The South African Revenue Service reported that in the first three months of 2012 Nigerian exports to South Africa were worth 750 million dollars, with 740 million dollars made up of mineral products, mainly oil. In the same three months, South African exports to Nigeria were worth 150 million dollars.
“The Nigerian market itself is huge and under-served so what capacity exists is easily swallowed up by the local market itself, with some trade into the West African region. There is nothing to suggest that South Africa will be a market of choice for Nigerian goods and services for some time to come,” she said.
This caution was echoed by Foluso Phillips, the chairman of Lagos-based Phillips Consulting, a business consultancy of branding advisors.
“There is much that South Africa can offer Nigeria, but there has been a problem of attitude and lack of trust as well as divergent objectives by both parties,” he said.
“However, there must be a strong spirit of win-win, as the track record and perception makes it all look one-sided in South Africa’s favour.”
He said that any agreement between both countries had to be on real technology transfer and of value to Nigeria. He added that if an FTA were negotiated, “South Africans (could) not come to the table with a ‘smarter by half’ attitude.”
He insisted that there would need to be a focus on bringing value to Nigeria and not on making his country a dumping ground for South African goods if his country’s borders were to be thrown open to South African exports.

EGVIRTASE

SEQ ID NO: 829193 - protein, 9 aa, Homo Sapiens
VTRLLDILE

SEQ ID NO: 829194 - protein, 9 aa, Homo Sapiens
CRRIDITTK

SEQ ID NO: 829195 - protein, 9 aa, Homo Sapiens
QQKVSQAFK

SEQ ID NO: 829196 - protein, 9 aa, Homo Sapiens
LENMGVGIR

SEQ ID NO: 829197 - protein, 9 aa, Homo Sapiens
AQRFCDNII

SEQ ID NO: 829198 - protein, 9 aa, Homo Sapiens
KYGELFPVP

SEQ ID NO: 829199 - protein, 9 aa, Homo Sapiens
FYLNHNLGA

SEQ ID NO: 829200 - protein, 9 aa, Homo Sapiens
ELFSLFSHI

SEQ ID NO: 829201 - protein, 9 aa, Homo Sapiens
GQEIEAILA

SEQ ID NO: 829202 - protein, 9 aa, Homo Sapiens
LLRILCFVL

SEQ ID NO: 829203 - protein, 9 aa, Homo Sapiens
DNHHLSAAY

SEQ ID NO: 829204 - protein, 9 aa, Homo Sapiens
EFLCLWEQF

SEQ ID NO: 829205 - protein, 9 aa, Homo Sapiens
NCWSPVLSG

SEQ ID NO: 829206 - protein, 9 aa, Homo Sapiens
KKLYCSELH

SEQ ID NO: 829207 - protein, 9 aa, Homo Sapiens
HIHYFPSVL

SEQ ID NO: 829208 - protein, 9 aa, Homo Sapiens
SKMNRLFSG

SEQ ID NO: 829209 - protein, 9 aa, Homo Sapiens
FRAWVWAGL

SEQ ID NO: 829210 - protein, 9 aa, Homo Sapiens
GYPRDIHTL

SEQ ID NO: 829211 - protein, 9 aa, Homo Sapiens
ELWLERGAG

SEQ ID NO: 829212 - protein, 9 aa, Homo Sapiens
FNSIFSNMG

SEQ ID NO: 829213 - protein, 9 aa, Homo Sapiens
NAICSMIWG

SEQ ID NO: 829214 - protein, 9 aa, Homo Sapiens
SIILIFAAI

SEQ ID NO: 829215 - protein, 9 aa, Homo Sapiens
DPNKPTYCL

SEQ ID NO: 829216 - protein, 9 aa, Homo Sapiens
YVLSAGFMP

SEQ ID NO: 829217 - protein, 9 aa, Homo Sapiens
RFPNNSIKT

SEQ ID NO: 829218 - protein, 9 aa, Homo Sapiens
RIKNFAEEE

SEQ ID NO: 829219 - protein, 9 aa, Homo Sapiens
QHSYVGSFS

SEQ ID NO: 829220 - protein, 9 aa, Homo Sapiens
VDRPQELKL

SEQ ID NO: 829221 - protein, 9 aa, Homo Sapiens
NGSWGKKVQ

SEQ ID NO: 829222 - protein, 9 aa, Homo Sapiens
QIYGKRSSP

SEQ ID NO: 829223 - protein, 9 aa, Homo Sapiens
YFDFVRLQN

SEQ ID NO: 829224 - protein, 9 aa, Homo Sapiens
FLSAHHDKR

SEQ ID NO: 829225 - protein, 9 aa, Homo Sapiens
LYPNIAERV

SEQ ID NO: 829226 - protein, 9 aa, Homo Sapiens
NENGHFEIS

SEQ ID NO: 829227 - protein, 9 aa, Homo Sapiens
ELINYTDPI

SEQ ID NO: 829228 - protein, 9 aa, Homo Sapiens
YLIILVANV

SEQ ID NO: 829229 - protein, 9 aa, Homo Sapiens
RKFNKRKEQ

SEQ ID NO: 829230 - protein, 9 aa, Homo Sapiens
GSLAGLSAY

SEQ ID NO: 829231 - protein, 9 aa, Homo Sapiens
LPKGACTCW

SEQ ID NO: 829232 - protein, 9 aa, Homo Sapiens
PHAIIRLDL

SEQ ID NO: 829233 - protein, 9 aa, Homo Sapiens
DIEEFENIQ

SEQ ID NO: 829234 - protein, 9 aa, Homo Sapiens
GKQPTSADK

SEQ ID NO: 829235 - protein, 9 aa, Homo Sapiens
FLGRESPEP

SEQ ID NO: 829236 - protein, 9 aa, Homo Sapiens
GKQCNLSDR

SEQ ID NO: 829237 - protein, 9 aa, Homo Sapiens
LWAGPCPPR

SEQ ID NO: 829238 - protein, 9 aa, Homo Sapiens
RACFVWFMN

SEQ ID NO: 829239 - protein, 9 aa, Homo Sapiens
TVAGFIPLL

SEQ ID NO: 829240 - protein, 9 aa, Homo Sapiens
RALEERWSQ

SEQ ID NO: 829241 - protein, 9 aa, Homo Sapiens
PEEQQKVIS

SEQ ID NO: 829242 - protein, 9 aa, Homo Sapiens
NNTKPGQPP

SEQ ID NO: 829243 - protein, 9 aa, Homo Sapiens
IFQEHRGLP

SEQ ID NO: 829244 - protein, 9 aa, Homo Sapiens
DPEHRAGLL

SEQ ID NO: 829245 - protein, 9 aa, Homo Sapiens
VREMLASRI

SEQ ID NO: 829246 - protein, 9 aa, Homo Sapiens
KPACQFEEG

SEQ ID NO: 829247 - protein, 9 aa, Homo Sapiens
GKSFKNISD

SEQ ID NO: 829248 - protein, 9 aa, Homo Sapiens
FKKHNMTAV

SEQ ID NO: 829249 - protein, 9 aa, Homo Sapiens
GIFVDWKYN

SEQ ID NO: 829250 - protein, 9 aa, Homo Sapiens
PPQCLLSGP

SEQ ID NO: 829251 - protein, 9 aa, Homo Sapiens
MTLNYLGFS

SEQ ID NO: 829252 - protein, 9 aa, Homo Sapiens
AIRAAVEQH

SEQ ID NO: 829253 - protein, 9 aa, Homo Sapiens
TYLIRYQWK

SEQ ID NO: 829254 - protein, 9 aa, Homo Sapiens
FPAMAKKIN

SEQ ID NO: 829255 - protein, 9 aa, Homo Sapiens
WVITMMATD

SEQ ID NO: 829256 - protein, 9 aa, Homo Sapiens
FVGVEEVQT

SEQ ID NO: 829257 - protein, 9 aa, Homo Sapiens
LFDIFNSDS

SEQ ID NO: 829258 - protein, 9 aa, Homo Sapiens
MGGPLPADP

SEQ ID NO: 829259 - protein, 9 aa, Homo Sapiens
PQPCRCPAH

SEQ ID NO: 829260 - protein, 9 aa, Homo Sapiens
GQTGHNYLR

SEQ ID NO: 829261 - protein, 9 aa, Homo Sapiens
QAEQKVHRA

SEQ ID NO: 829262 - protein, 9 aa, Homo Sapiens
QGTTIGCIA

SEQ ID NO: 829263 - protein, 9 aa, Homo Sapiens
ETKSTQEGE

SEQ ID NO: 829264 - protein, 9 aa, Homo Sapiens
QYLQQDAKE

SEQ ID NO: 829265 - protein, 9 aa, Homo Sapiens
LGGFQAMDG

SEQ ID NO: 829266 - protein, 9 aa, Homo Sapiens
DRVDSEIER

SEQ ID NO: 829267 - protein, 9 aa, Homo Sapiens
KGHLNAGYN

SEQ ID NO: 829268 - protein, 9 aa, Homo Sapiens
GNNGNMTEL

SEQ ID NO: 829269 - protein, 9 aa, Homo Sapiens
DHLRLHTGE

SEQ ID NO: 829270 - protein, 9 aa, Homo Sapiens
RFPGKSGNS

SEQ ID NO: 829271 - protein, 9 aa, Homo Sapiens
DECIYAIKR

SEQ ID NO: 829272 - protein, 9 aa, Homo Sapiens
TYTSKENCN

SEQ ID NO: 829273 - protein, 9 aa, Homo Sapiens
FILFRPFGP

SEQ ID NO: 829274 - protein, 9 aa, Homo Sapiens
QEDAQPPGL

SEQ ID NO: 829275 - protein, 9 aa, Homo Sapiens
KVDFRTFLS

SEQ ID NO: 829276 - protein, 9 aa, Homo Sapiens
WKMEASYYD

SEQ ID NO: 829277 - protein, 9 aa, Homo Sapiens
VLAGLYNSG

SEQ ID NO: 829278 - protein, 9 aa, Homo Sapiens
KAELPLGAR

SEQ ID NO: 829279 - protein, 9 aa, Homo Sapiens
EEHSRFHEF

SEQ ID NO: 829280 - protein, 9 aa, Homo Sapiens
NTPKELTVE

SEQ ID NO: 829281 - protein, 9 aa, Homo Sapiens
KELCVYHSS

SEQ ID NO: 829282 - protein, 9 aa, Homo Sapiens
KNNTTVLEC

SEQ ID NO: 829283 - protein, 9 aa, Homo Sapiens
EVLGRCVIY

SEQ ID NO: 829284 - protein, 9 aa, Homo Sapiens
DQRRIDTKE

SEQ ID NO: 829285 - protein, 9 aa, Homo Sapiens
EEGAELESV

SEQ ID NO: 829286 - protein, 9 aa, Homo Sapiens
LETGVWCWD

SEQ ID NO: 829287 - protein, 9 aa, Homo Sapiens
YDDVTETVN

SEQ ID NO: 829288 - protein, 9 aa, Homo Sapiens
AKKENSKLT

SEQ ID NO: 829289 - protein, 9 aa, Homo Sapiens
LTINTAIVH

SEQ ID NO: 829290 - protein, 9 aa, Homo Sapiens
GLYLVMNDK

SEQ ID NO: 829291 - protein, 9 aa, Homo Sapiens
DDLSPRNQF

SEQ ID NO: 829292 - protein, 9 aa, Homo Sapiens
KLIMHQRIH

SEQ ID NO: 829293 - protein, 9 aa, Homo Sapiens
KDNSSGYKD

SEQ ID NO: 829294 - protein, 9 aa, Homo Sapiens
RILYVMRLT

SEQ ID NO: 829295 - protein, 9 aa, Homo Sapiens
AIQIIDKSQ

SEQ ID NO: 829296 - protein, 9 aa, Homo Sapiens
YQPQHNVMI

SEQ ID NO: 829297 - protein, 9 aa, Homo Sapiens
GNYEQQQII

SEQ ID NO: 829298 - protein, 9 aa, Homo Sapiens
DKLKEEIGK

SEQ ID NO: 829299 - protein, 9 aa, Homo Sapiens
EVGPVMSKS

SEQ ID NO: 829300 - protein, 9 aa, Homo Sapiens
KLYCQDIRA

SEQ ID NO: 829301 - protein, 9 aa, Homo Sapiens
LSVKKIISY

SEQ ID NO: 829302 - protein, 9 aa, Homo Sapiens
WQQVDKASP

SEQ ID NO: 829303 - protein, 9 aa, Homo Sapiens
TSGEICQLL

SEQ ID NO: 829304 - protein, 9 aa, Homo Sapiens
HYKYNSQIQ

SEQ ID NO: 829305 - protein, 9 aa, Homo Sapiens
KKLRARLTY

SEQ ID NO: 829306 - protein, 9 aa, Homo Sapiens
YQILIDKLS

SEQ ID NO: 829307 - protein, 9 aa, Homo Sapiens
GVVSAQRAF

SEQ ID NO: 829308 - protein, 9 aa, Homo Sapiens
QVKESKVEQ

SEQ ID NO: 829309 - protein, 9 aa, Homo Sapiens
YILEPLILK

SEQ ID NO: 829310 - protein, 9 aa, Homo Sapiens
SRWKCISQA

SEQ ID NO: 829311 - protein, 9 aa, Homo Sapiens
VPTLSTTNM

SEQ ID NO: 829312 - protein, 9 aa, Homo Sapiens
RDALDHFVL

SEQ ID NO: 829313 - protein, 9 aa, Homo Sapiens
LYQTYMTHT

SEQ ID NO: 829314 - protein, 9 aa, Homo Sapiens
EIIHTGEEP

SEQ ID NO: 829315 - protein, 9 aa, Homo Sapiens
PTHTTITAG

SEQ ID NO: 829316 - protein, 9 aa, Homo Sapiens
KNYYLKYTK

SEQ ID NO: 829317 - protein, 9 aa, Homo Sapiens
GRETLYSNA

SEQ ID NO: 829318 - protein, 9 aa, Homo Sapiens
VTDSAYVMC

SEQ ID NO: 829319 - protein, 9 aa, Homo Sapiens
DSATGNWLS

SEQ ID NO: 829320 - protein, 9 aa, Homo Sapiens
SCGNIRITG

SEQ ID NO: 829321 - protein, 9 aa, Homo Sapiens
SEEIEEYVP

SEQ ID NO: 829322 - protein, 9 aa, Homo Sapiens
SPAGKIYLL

“Nigeria cannot continue to fund imports paid for by oil – so if the value proposition from South Africa is predicated on local input but joint ownership, then we are on to a winner.”
Games said that while there was recognition of the importance of both countries to each other and the continent generally, Nigeria would need to be persuaded of the benefit to its market.
“Such a move has positive spinoffs in terms of South Africa assisting Nigerian companies to build industrial scale and capacity.
“The discussion about developing linkages between South Africa and Nigeria in the auto industry (which took place when Jonathan was in South Africa) is an example of something that could be replicated in other sectors.”
She also believed that it would be important symbolically to highlight a greater level of cooperation between the two countries, which she sees as the two pivotal states in Africa, both politically and economically.
“The economic success of each is important not just to their respective hinterlands but also to the broader development of the continent, and if an FTA proved to be politically acceptable – not just to politicians but also other stakeholders such as business – it would help to cement ties between the countries,” she concluded.
Meanwhile, Draper said that if Nigeria and South Africa were to bring their regional neighbours into the negotiation “it could lead to a juggernaut effect of competitive liberalisation incorporating southern and western Africa. Managing this would be, to say the least, challenging.”